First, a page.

Has Anybody Put Their House Up For Sale And Years Later Hasn’t Had A Buyer Yet?
In most housing markets, the expectation is that a reasonably priced, well-presented property will sell within weeks or months at most. However, some homes sadly languish on the market for years without attracting a buyer. Sellers become increasingly exasperated as their efforts to find a purchaser remain fruitless for extended periods.
In this article, we’ll examine why some properties fail to sell for years on end, and how sellers can adapt their strategy to finally secure a sale. With persistence, creativity and a willingness to compromise, that elusive deal can eventually happen.
Reasons Homes Don’t Sell Quickly
To understand prolonged sales situations, let’s first review the main reasons properties fail to find buyers promptly:
- Overpricing – an ambitious valuation above market rates deterring interest.
- Dated interiors – styles, fixtures and décor that are stuck in the past.
- Location and access – remote, rural or hard-to-access places.
- Structural issues – serious defects highlighted in a survey deterring buyers.
- Narrow target market – highly niche properties like farms.
- Local economic decline – depressed areas with falling employment.
- Owner stubbornness – refusing to negotiate or market effectively.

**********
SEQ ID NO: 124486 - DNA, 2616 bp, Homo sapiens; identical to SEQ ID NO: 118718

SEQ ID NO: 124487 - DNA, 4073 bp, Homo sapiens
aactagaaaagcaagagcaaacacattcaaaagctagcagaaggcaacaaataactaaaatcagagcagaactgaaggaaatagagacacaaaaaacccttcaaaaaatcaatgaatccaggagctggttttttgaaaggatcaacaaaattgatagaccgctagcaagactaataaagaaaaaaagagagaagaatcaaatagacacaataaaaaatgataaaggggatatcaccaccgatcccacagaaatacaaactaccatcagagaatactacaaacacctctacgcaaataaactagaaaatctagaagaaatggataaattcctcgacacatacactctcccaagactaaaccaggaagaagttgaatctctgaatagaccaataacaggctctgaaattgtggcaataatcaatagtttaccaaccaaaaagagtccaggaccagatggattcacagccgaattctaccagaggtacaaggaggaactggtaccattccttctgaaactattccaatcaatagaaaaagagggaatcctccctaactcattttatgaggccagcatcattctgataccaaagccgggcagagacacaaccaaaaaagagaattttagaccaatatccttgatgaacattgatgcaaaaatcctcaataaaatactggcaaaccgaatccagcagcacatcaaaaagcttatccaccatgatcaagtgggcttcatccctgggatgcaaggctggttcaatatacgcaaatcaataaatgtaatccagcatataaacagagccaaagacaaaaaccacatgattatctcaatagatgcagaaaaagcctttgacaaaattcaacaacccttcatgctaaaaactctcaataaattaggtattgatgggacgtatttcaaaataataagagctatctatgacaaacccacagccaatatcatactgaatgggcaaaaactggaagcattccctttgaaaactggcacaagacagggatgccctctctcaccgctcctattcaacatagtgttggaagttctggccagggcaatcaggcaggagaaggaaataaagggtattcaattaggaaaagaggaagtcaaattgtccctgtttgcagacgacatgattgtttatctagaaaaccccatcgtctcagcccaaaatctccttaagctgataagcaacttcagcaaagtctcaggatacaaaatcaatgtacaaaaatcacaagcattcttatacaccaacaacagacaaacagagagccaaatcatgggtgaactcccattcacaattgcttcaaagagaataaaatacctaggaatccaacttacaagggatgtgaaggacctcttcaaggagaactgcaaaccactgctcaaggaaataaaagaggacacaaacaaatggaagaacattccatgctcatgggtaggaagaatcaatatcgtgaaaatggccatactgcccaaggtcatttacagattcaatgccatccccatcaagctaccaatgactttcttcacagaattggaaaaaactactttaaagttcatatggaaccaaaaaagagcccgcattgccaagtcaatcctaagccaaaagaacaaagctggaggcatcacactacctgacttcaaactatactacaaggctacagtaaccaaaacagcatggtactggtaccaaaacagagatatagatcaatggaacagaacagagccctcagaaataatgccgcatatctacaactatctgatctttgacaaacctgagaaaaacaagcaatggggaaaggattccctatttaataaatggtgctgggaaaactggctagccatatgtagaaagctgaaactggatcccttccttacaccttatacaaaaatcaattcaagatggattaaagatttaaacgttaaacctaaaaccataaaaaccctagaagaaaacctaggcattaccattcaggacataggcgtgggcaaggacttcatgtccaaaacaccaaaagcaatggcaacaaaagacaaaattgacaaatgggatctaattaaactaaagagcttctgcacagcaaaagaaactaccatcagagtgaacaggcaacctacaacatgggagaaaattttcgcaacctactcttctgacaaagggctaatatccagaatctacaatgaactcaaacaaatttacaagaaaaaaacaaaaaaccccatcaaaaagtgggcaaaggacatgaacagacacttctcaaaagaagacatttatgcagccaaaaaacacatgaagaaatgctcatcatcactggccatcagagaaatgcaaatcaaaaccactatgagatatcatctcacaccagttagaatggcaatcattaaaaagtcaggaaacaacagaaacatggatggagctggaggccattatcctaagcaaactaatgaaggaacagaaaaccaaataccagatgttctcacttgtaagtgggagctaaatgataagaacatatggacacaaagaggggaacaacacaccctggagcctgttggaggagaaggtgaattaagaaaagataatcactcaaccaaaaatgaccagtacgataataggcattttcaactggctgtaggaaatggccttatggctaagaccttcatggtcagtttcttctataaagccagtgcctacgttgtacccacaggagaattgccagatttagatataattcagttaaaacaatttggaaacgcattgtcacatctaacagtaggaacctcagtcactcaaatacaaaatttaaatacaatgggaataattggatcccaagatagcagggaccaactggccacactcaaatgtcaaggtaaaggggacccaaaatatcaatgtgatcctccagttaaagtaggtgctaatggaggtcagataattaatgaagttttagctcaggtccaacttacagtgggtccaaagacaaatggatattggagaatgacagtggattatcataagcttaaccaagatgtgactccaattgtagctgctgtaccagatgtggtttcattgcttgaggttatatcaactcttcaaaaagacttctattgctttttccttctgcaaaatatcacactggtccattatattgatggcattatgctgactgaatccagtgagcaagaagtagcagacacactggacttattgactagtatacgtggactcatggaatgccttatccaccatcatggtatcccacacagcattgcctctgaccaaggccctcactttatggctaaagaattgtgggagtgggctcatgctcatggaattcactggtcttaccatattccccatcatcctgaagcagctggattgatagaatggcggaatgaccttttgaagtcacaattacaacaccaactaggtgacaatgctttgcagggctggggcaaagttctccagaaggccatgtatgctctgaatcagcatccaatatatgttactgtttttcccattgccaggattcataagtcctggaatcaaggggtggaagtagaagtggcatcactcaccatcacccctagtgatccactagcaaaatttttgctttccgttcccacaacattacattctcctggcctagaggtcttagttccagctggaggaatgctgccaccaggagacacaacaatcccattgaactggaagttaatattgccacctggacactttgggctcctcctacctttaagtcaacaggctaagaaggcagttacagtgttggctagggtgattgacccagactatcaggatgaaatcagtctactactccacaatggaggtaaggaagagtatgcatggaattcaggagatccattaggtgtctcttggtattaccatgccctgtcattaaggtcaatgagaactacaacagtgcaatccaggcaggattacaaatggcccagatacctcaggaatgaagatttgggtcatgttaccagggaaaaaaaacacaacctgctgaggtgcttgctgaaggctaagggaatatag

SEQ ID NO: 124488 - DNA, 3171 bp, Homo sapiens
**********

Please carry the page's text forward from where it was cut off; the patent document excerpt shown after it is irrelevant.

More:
- Covenants on property – restrictive stipulations limiting alterations.
- Ongoing builds nearby – putting buyers off with noise and disruption.
Where multiple factors like these combine, the property sits unsold for an extended period as buyer after buyer passes it over.
How Long is Reasonable to Sell a House?
The average property in the UK finds a buyer within 2-3 months. Around 90% sell within six months. Anything beyond 9-12 months would be considered abnormally slow unless there are exceptional circumstances.
If your home remains on the market after 2 years or more, it’s certainly time to reassess your pricing, presentation and overall sales strategy.
Staying Motivated as a Seller
The first challenge of a lengthy sales process is simply staying positive and motivated. After 6 months to a year with no offers, even the most resilient seller struggles not to lose heart. It takes real tenacity to keep marketing effectively when the property has become “stale” in buyers’ eyes.
Combat despair by reviewing your initial motivations for selling. Reread your property wishlist or envision your dream next home. Look back at how far you’ve come already. Consider new hobbies or trips you could pursue in this transitionary phase. Share challenges with trusted friends. By sustaining your energy and focus, the right buyer will come.
Adjusting Your Strategy Over Time
To improve stale listings, evolving your strategy over time is essential:
- Refresh marketing – new photos, 3D tours, videography and copy showing improvements.
- Enhance kerb appeal with new garden landscaping, paintwork or driveway upgrades.
- Revise pricing based on new comparable sales and market data.